"Searching for Sugar Man," the heartwarming chronicle of a forgotten Detroit musician's rediscovery, has won the Academy Award for best documentary feature.
Directed by the Swedish filmmaker Malik Bendjelloul, "Searching for Sugar Man" tells the story of the Detroit singer-songwriter Rodriguez, who disappeared from public life after releasing an album in the early `70s but developed an unlikely cult following in South Africa. It's structured as a bit of a mystery, with the audience not knowing where he is -- or whether he's even alive -- until about halfway through the film.
"Thanks to one of the greatest singers ever, Rodriguez," Bendjelloul said during a brief on-stage speech.
Backstage, producer Simon Chinn explained that Rodriguez wasn't at the ceremony because "he genuinely doesn't want to take credit for this film. ... He's genuinely a humble man and he wanted to stay at home in Detroit and watch it on television."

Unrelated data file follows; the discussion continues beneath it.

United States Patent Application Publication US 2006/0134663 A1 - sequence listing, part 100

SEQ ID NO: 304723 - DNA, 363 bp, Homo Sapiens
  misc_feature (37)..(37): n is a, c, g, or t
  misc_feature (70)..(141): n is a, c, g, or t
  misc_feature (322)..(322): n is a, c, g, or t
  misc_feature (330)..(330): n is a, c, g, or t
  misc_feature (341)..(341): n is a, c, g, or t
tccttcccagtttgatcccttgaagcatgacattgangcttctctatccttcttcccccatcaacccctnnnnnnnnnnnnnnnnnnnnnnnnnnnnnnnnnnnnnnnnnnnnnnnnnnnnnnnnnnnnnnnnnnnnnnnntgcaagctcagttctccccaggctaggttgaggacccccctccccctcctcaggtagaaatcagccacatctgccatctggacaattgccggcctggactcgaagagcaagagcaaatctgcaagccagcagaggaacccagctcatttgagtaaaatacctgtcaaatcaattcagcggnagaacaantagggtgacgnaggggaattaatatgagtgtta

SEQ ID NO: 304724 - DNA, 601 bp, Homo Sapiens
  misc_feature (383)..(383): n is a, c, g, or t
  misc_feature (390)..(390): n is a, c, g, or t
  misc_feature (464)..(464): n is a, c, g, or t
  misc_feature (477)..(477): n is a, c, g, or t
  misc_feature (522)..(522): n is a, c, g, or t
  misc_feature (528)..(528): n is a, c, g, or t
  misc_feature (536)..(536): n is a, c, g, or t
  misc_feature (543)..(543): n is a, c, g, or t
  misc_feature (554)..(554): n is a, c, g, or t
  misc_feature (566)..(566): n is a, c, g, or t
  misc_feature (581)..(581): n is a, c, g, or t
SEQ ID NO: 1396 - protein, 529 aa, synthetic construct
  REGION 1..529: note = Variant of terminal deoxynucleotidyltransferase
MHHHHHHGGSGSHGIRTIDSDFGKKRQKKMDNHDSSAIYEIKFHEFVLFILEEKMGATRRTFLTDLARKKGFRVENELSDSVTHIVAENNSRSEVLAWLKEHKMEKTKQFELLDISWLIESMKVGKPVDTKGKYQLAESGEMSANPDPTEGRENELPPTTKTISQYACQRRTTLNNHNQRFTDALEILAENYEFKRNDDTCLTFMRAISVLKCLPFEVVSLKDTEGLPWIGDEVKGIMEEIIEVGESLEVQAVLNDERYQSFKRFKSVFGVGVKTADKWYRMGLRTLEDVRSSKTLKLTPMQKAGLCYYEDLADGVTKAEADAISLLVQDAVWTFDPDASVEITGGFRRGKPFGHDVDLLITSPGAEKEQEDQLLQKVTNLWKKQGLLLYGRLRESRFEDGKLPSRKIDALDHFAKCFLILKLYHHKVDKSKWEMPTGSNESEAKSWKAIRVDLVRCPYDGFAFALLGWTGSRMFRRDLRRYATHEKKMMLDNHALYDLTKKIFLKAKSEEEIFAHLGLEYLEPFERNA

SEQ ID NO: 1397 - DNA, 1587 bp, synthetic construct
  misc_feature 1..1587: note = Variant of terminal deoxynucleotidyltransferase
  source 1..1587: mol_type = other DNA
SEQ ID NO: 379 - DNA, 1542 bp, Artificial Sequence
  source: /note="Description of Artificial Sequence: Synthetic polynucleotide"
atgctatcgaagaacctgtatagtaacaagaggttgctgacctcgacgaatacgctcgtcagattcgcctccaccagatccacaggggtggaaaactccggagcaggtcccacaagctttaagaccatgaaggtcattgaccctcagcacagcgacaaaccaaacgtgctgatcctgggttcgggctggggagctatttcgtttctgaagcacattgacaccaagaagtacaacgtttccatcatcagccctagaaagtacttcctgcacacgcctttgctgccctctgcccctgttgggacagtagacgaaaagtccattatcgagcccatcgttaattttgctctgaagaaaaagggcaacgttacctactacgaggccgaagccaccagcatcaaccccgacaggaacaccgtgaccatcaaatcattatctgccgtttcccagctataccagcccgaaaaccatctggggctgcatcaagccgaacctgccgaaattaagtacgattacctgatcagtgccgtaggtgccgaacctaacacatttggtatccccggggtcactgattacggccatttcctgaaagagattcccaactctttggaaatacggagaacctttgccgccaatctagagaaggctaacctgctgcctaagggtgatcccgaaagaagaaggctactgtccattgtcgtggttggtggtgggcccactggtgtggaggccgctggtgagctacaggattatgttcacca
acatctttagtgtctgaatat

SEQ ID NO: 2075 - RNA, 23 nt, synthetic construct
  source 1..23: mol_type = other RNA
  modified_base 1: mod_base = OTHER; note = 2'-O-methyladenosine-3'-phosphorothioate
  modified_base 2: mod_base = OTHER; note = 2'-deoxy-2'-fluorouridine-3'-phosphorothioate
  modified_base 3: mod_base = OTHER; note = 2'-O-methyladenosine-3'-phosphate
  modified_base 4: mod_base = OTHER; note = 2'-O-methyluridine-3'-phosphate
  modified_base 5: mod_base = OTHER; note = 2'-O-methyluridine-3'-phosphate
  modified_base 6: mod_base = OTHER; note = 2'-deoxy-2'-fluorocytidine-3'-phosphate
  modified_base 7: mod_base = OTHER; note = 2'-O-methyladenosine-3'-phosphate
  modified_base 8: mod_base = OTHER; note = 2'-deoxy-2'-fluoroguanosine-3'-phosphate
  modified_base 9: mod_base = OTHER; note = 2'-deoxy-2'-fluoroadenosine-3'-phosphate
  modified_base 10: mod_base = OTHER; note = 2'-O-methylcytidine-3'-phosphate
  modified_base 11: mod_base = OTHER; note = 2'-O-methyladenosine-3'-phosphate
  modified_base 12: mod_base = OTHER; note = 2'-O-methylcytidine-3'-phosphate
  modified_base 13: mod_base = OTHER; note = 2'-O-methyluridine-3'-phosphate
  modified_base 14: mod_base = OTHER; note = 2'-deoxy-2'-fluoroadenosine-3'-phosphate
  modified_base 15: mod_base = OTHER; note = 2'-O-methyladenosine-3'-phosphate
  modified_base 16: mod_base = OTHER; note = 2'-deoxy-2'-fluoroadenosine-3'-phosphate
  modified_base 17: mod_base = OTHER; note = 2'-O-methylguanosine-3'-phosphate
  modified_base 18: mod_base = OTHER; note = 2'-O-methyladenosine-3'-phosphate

"Searching for Sugar Man" was a favorite among a strong field on contenders, having won already at the Directors and Writers Guild Awards, the Critics Choice Awards and the BAFTAs. The other nominees Sunday night were "5 Broken Cameras," `'The Gatekeepers," `'How to Survive a Plague" and "The Invisible War."
The voting process for the documentary category underwent an overhaul this year intended to limit the nomination of obscure films, and ensure that a larger group of documentary filmmakers winnowed the nominees.
The 85th Academy Awards are airing live from the Dolby Theatre in Los Angeles with host Seth MacFarlane.